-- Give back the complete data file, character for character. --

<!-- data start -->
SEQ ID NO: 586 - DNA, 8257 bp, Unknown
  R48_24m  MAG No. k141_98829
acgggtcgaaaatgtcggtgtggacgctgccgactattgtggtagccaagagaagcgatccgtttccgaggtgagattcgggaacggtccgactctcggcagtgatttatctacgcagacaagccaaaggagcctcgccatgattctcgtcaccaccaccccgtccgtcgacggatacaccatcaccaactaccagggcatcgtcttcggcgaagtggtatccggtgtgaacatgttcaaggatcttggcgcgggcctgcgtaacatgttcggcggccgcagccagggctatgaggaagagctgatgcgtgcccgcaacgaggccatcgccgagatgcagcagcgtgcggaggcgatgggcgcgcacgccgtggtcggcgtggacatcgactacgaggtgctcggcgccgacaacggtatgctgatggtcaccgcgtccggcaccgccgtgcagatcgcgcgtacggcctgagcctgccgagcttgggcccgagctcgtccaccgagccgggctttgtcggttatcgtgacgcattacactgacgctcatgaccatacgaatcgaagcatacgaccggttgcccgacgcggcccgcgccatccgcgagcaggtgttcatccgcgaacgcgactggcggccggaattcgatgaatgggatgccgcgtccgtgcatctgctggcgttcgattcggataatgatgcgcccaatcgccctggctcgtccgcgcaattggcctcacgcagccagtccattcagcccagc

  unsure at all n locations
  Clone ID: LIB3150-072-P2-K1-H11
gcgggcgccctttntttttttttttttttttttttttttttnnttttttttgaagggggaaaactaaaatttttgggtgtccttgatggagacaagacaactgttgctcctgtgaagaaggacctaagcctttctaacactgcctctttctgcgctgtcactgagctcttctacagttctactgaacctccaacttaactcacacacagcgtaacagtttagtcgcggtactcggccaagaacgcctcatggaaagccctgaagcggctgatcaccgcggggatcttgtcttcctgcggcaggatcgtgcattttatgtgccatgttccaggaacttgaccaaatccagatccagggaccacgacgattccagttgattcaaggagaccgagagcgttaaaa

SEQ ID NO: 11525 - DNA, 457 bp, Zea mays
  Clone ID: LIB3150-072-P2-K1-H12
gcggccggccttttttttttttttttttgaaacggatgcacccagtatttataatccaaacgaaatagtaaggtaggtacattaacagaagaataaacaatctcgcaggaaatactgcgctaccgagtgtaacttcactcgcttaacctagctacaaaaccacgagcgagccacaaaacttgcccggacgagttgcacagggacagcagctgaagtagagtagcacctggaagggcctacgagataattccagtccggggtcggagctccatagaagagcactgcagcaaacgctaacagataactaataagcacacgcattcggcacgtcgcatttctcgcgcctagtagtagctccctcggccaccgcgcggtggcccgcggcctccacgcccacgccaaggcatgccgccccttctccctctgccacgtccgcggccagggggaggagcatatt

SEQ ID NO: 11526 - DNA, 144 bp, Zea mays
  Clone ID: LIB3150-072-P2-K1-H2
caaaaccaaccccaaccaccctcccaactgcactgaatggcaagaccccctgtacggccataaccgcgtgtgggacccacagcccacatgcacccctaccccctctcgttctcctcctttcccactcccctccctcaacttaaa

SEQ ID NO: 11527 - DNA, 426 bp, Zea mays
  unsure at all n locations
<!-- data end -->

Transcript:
SEQ ID NO: 586 - DNA, 8257 bp, Unknown
  R48_24m  MAG No. k141_98829
acgggtcgaaaatgtcggtgtggacgctgccgactattgtggtagccaagagaagcgatccgtttccgaggtgagattcgggaacggtccgactctcggcagtgatttatctacgcagacaagccaaaggagcctcgccatgattctcgtcaccaccaccccgtccgtcgacggatacaccatcaccaactaccagggcatcgtcttcggcgaagtggtatccggtgtgaacatgttcaaggatcttggcgcgggcctgcgtaacatgttcggcggccgcagccagggctatgaggaagagctgatgcgtgcccgcaacgaggccatcgccgagatgcagcagcgtgcggaggcgatgggcgcgcacgccgtggtcggcgtggacatcgactacgaggtgctcggcgccgacaacggtatgctgatggtcaccgcgtccggcaccgccgtgcagatcgcgcgtacggcctgagcctgccgagcttgggcccgagctcgtccaccgagccgggctttgtcggttatcgtgacgcattacactgacgctcatgaccatacgaatcgaagcatacgaccggttgcccgacgcggcccgcgccatccgcgagcaggtgttcatccgcgaacgcgactggcggccggaattcgatgaatgggatgccgcgtccgtgcatctgctggcgttcgattcggataatgatgcgcccaatcgccctggctcgtccgcgcaattggcctcacgcagccagtccattcagcccagc

  unsure at all n locations
  Clone ID: LIB3150-072-P2-K1-H11
gcgggcgccctttntttttttttttttttttttttttttttnnttttttttgaagggggaaaactaaaatttttgggtgtccttgatggagacaagacaactgttgctcctgtgaagaaggacctaagcctttctaacactgcctctttctgcgctgtcactgagctcttctacagttctactgaacctccaacttaactcacacacagcgtaacagtttagtcgcggtactcggccaagaacgcctcatggaaagccctgaagcggctgatcaccgcggggatcttgtcttcctgcggcaggatcgtgcattttatgtgccatgttccaggaacttgaccaaatccagatccagggaccacgacgattccagttgattcaaggagaccgagagcgttaaaa

SEQ ID NO: 11525 - DNA, 457 bp, Zea mays
  Clone ID: LIB3150-072-P2-K1-H12
gcggccggccttttttttttttttttttgaaacggatgcacccagtatttataatccaaacgaaatagtaaggtaggtacattaacagaagaataaacaatctcgcaggaaatactgcgctaccgagtgtaacttcactcgcttaacctagctacaaaaccacgagcgagccacaaaacttgcccggacgagttgcacagggacagcagctgaagtagagtagcacctggaagggcctacgagataattccagtccggggtcggagctccatagaagagcactgcagcaaacgctaacagataactaataagcacacgcattcggcacgtcgcatttctcgcgcctagtagtagctccctcggccaccgcgcggtggcccgcggcctccacgcccacgccaaggcatgccgccccttctccctctgccacgtccgcggccagggggaggagcatatt

SEQ ID NO: 11526 - DNA, 144 bp, Zea mays
  Clone ID: LIB3150-072-P2-K1-H2
caaaaccaaccccaaccaccctcccaactgcactgaatggcaagaccccctgtacggccataaccgcgtgtgggacccacagcccacatgcacccctaccccctctcgttctcctcctttcccactcccctccctcaacttaaa

SEQ ID NO: 11527 - DNA, 426 bp, Zea mays
  unsure at all n locations